At around 43:11, White, of course, exclaims that Jesus is the analogy Fischer is asking for. The incarnation should do the trick. There it is! Case closed!  Right?  Wrong. The doctrine of the incarnation is not unique to Calvinism; Arminians believe in it as well (as shocking as that may be to Calvinists).  What Fischer is asking is for any analogy that makes God loving and good in light of Calvinism.  The incarnation is not an example White can use unless he is able to clearly point out the doctrine of reprobation therein. White goes on and on about God demonstrating His self-giving at the incarnation but never once addresses the main problem Fischer brings up, namely, how is God loving to the reprobate.

Fischer is smart enough to detect this and tells White that he is inadvertently proving his point – Calvinism ultimately portrays a God who is willing to do morally ambiguous things for the sake of His glory. How reprobation is glorious is another enigma left unanswered. Oh, sure, the Calvinist will predictably say that the reprobate deserve hell for rejecting God. However, as Fischer states at around 47:27, they reject God because God ordained that they do so. White has no answer to this other than a convoluted assertion about another topic.


#5- Arminians Read the Bible Too

The conversation doesn’t address too many passages in the Bible.  I don’t think this is a huge problem because Calvinism can be addressed as logically inconsistent before one even opens the Bible, which would eliminate it as a viable interpretation of who God is. However, White does use a few verses that the typical Calvinist throws around. I want to address just one because I find it to be the most annoying interpretation I see Calvinists offer.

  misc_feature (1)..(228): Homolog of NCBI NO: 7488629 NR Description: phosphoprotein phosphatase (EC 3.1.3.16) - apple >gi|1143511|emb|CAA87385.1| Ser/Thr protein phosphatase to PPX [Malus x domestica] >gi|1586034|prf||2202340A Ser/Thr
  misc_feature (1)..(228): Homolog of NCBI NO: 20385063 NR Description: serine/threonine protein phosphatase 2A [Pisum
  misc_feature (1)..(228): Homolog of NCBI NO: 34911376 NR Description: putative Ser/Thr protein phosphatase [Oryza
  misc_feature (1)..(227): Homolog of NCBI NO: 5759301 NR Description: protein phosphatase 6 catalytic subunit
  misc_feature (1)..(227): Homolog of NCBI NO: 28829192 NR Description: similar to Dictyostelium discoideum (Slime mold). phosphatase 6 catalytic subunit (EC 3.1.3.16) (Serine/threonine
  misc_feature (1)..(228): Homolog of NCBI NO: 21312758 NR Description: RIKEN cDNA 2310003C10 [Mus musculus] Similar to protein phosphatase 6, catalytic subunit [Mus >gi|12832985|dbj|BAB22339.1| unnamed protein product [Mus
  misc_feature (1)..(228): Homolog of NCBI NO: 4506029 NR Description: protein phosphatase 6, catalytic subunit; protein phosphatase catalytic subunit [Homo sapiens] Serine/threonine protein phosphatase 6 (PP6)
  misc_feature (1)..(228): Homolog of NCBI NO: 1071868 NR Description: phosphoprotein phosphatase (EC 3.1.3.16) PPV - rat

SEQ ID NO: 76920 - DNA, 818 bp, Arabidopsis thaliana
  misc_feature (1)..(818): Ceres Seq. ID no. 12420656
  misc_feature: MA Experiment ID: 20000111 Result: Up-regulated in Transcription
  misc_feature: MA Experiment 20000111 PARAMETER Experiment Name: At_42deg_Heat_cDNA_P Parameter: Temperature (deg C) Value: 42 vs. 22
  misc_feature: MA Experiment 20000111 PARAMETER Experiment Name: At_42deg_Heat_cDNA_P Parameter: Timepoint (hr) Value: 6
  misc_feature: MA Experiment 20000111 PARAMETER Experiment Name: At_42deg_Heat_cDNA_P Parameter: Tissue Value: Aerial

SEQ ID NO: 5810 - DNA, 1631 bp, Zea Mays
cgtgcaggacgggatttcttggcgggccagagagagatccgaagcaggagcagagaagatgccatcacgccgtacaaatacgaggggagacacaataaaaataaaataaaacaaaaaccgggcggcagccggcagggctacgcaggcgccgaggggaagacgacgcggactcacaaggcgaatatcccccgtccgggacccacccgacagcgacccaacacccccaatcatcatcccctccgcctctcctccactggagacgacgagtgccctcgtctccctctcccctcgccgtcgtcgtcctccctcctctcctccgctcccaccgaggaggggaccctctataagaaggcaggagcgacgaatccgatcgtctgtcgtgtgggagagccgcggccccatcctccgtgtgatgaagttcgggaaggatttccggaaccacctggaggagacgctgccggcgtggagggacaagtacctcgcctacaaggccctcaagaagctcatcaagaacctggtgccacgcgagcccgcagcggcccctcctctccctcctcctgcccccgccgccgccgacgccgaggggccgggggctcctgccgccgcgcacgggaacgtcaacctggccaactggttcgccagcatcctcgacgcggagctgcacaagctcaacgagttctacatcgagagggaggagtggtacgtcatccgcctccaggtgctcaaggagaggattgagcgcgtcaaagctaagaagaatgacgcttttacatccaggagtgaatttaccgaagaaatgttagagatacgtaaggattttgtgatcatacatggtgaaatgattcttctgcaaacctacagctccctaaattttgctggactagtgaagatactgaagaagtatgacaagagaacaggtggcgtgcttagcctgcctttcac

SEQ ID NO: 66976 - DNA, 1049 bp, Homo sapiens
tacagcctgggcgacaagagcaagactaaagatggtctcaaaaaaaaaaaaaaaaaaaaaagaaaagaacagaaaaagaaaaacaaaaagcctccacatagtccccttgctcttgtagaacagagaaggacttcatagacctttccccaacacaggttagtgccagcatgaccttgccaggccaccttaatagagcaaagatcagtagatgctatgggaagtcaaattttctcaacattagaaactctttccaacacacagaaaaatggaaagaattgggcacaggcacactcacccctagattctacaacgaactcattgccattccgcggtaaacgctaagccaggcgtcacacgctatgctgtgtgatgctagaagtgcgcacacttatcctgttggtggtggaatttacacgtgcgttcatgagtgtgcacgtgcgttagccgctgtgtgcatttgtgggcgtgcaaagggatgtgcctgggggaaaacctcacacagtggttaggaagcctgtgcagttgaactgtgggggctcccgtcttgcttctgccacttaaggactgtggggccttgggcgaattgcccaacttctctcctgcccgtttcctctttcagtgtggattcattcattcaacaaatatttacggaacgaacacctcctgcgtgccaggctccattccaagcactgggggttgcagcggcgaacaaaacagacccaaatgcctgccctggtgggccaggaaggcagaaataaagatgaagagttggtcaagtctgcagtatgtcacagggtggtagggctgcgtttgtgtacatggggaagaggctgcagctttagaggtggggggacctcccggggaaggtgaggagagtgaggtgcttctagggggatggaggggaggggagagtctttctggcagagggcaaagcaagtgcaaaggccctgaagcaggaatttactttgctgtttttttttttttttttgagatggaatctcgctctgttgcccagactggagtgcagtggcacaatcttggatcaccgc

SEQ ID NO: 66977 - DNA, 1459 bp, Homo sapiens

James White mentions John 17:9, where Jesus says, “I do not pray for the world”. I have heard way too many Calvinists make much of the wording in this verse and roll my eyes to hear it on the lips of Dr. White again. Is it that difficult to read the rest of the chapter?

It is true that in verse 9 Jesus says He does not pray for the world. However, are we to conclude from this that Jesus never prayed for the world?  Has John hidden in this verse another one of those nuggets that point to the sweet doctrine of reprobation? Could it be that this is another one of those verses that make us lift our hands and sing with joy about how God doesn’t love the whole world?  Hardly!

The context of this part of Jesus’ prayer is clear. From verse 9 to 19 He is indeed not praying for the world, but for the disciples that were with Him (as verse 12 makes clear). However, from verse 20 and on He says, “I do not pray for these alone, but also for those who will believe in Me through their word…that the world may believe that You sent Me”. Obviously, Jesus did have the world in mind! That He prayed for His immediate 12 disciples, and not for anyone else, from verse 9 to 19 doesn’t mean that He never prayed for anyone else. His prayer doesn’t end in verse 19.

How is this difficult to understand? Jesus said, “I did not come to judge the world but to save the world” (John 12:47).



Enjoy the discussion between Dr. White and Pastor Fischer.  Ultimately, Calvinists will feel that Dr. White “destroyed” any of Fischer’s arguments.  Of course, they can’t do so without using some of the fallacies I mentioned above (or using other ones).

Calvinists insist that one cannot see the truth of TULIP unless the Holy Spirit works a sovereign miracle in man’s heart and mind.  I totally agree. For a Christian to abandon scripture, logic, reason, and embrace TULIP would indeed require a miracle.